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Posted 08 May 2005 - 11:41 AM

Also,
does the CP16 line require a torque motor for the 400 mag?
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#3 Carl Durrenberger

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Posted 08 May 2005 - 02:00 PM

The CP16/R has one main advantage over the /A model: in-camera reflex viewing.

This makes reflex viewing a function of the camera on the /R, meaning that any lens can be used, provided the correct adapter can be found to mechanically couple the lens to the camera.

On the /A camera, reflex viewing is achieved via a "dogleg" viewfinder side-mounted onto the lens itself. The biggest problem with this setup is that you are stuck using only lenses that have such dogleg viewfinders built into them (probably the Angenieux 12-120 that VP sells with the camera). You can't use a nikkor still prime, a nice Zeiss zoom, Cooke glass, etc. It can be rather limiting.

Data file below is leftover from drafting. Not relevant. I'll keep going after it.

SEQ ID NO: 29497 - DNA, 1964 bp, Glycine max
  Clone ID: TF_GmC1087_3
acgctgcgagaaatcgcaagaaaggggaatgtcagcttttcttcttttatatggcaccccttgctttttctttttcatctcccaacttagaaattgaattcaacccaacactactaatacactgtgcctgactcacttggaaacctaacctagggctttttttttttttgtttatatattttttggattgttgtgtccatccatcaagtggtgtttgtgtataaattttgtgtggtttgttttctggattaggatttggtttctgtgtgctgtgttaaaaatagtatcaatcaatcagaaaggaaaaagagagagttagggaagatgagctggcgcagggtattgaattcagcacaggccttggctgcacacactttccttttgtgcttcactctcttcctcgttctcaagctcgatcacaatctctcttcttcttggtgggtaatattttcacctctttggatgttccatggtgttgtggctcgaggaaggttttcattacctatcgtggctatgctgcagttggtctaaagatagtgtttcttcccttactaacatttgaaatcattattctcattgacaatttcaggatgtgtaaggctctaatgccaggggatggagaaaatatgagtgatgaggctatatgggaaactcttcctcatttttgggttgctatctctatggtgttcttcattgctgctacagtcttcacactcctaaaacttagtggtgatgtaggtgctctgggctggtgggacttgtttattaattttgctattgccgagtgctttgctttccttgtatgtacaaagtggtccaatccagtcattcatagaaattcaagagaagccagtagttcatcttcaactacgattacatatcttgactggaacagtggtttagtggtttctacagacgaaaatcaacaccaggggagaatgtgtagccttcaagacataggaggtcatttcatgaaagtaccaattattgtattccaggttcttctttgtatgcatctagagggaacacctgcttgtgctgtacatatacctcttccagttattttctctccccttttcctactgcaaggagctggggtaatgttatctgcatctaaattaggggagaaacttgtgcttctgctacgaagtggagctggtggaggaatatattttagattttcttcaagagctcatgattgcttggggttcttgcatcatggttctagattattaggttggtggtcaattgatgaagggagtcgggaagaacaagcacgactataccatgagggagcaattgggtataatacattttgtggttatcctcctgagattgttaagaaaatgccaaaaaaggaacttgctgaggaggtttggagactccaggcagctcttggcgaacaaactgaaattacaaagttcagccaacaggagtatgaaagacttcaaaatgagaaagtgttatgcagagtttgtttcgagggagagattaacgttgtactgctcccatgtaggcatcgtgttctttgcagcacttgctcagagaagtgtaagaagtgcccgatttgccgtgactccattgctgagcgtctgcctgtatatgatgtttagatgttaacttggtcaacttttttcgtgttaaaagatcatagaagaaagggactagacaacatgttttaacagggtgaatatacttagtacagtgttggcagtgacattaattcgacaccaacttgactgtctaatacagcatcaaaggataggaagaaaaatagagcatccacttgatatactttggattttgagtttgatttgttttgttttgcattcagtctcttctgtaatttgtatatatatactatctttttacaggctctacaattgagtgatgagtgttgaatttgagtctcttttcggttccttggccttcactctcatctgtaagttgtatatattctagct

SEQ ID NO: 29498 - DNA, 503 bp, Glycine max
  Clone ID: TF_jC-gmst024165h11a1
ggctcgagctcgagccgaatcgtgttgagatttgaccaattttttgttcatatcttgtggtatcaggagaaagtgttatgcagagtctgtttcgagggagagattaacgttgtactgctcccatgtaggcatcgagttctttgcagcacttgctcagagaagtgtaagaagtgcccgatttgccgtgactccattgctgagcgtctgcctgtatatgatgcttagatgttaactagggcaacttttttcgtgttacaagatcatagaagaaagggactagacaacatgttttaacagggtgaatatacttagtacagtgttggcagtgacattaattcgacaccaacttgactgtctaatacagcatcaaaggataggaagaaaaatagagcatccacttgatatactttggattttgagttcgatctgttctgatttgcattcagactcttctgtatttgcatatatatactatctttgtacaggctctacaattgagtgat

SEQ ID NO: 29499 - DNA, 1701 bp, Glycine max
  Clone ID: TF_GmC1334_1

If you look closely at the images on VP's website, you will see the difference between the camera-mounted viewfinder of the /R model versus the lens-mounted "dogleg" viewfinder of the /A model.

The CP mags do not require a torque motor; the takeup reel is driven by a camera-powered belt.

If you're going to compare cameras, the CP16/R is the more fair comparison to the Eclair NPR, being that the NPR is reflex. That's probably why VP has the prices of those two cameras matched.